Patients with macrolide-susceptible MAC were treated with azithromycin, 500 mg given three times weekly (TIW); ethambutol, 25 mg/kg given TIW; IM or IV streptomycin dosed at 7 mg/kg given TIW; or amikacin given IV at 7 mg/kg TIW. The macrolide was omitted if the MAC isolate was macrolide resistant. If the patient had macrolide-resistant MAC, rifabutin, 150 to 300 mg TIW, was used.15 Doses for both aminoglycosides were titrated to achieve a peak level of 20 to 25 μg/mL. If the patient could not tolerate IM or IV aminoglycoside therapy, the injectable drug was stopped, and inhaled amikacin, 500 mg daily or TIW via a Pari LC nebulizer (PARI International), was used in combination with oral drugs.16 Rifampin was omitted in almost all patients because of its significant induction of the hepatic metabolism of bedaquiline.17 Bedaquiline was dosed at 400 mg (four tablets of 100 mg) po once daily with food for the first 2 weeks. The dose was then decreased to 200 mg (two tablets of 100 mg) TIW with food for a total of 600 mg per week.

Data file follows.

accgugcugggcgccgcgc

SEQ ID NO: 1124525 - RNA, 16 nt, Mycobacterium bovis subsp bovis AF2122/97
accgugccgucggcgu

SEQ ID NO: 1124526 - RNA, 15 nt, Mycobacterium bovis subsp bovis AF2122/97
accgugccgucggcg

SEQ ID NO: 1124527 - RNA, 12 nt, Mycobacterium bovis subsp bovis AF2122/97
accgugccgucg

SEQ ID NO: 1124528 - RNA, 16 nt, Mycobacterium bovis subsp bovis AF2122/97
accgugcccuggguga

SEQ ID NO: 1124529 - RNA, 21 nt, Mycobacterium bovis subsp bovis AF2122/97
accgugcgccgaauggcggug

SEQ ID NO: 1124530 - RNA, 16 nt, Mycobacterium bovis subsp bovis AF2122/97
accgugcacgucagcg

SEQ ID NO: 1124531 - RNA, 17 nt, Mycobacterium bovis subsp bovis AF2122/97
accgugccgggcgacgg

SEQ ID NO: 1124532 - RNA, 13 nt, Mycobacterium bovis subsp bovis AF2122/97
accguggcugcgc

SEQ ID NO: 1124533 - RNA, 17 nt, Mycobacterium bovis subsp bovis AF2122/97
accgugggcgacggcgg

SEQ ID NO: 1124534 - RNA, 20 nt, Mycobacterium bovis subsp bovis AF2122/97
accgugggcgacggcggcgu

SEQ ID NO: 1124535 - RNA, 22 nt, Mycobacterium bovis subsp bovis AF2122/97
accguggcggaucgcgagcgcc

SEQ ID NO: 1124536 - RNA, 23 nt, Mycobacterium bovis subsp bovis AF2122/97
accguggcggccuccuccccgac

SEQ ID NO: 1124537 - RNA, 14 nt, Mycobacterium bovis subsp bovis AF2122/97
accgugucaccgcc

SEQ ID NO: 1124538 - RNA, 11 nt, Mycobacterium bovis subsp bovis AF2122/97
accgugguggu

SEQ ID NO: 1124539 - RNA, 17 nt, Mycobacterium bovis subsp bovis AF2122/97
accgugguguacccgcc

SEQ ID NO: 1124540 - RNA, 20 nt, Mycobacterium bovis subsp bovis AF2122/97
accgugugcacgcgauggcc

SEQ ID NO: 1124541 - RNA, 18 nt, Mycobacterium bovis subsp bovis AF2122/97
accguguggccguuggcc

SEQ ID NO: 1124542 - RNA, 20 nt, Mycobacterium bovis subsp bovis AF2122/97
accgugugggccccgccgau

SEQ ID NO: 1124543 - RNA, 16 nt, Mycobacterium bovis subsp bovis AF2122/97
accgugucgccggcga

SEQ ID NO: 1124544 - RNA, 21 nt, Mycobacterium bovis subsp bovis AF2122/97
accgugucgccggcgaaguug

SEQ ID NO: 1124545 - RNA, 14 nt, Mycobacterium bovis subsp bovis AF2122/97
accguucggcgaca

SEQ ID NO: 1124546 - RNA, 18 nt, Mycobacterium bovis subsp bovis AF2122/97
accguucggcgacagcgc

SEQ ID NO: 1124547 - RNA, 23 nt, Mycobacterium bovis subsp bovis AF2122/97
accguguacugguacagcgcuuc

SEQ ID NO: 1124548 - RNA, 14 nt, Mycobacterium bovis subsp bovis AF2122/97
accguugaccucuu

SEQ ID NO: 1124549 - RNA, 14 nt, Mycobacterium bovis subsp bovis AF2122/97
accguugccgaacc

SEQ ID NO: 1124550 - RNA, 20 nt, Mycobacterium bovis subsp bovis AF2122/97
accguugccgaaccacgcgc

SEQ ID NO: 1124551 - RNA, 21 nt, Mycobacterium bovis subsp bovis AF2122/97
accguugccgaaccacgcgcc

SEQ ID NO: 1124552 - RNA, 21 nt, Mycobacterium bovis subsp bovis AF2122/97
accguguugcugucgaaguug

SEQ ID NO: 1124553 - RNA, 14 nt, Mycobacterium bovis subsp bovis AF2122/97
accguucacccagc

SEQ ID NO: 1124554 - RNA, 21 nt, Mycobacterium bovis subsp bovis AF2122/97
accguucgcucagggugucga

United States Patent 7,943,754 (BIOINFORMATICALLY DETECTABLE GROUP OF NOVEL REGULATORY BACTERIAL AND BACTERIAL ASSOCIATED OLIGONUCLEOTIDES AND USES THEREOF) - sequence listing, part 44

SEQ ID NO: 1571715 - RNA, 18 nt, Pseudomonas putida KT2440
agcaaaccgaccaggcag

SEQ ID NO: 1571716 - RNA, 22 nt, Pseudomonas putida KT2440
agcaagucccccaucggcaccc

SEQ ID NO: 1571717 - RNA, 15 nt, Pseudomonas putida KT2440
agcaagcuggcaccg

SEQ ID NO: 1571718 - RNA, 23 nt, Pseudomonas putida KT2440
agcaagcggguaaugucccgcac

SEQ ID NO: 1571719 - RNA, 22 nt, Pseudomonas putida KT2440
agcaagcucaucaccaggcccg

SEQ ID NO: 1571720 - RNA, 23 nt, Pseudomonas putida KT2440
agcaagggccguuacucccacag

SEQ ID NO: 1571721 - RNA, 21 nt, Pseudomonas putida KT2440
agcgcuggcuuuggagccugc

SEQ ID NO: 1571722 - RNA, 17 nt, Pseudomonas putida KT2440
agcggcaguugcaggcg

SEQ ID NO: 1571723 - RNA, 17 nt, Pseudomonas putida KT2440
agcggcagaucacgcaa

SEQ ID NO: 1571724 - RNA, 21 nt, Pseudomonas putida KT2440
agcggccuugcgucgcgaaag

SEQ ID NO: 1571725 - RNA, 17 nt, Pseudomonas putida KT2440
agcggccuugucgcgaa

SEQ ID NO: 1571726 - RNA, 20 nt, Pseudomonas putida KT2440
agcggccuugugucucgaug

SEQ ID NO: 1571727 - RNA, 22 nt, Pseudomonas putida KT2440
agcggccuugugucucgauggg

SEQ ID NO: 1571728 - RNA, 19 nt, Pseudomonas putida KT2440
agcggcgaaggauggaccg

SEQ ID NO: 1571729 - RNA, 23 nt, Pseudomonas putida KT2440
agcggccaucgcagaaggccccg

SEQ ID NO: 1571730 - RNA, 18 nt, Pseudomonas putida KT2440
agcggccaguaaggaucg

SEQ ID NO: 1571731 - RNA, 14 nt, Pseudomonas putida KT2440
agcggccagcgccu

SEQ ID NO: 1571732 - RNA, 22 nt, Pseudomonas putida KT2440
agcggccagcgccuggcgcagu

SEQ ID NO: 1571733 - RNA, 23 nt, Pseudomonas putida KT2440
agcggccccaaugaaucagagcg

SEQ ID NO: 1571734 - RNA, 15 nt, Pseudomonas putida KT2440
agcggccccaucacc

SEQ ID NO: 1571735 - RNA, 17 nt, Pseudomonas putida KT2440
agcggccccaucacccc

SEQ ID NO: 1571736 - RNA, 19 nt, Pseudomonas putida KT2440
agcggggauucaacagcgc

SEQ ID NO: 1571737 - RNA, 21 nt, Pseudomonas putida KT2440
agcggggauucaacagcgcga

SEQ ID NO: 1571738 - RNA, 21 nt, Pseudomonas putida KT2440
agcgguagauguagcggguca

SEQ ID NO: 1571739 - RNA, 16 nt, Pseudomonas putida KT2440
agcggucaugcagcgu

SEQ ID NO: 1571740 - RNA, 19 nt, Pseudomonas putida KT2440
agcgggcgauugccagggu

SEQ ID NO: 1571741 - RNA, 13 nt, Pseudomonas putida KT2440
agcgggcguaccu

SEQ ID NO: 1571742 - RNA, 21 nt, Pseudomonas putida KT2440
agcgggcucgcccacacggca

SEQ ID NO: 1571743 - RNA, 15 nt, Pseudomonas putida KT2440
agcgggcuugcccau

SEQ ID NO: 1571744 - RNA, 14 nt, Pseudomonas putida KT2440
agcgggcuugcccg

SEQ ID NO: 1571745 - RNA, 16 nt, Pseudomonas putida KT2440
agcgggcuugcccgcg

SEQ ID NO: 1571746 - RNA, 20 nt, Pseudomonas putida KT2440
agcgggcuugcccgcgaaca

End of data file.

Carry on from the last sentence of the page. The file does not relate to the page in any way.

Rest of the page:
Patients with amikacin-susceptible Mab were treated with IV amikacin, 7 mg/kg given at least five times weekly. Doses were titrated to achieve a peak level of 20 to 25 μg/mL. IV cefoxitin, up to 6 to 8 g daily in divided doses, imipenem, 500 to 1,000 mg bid, or tigecycline, 25 to 50 mg daily, and/or linezolid, 300 to 600 mg po daily, were given, depending on susceptibility patterns. Amikacin was omitted if the Mab isolate was resistant.18 Bedaquiline was dosed as in the MAC protocol. If the isolate for Mab had a nonfunctional erm gene and in vitro susceptibility to macrolide/azalide, azithromycin was given at doses of 250 to 500 mg po daily.1921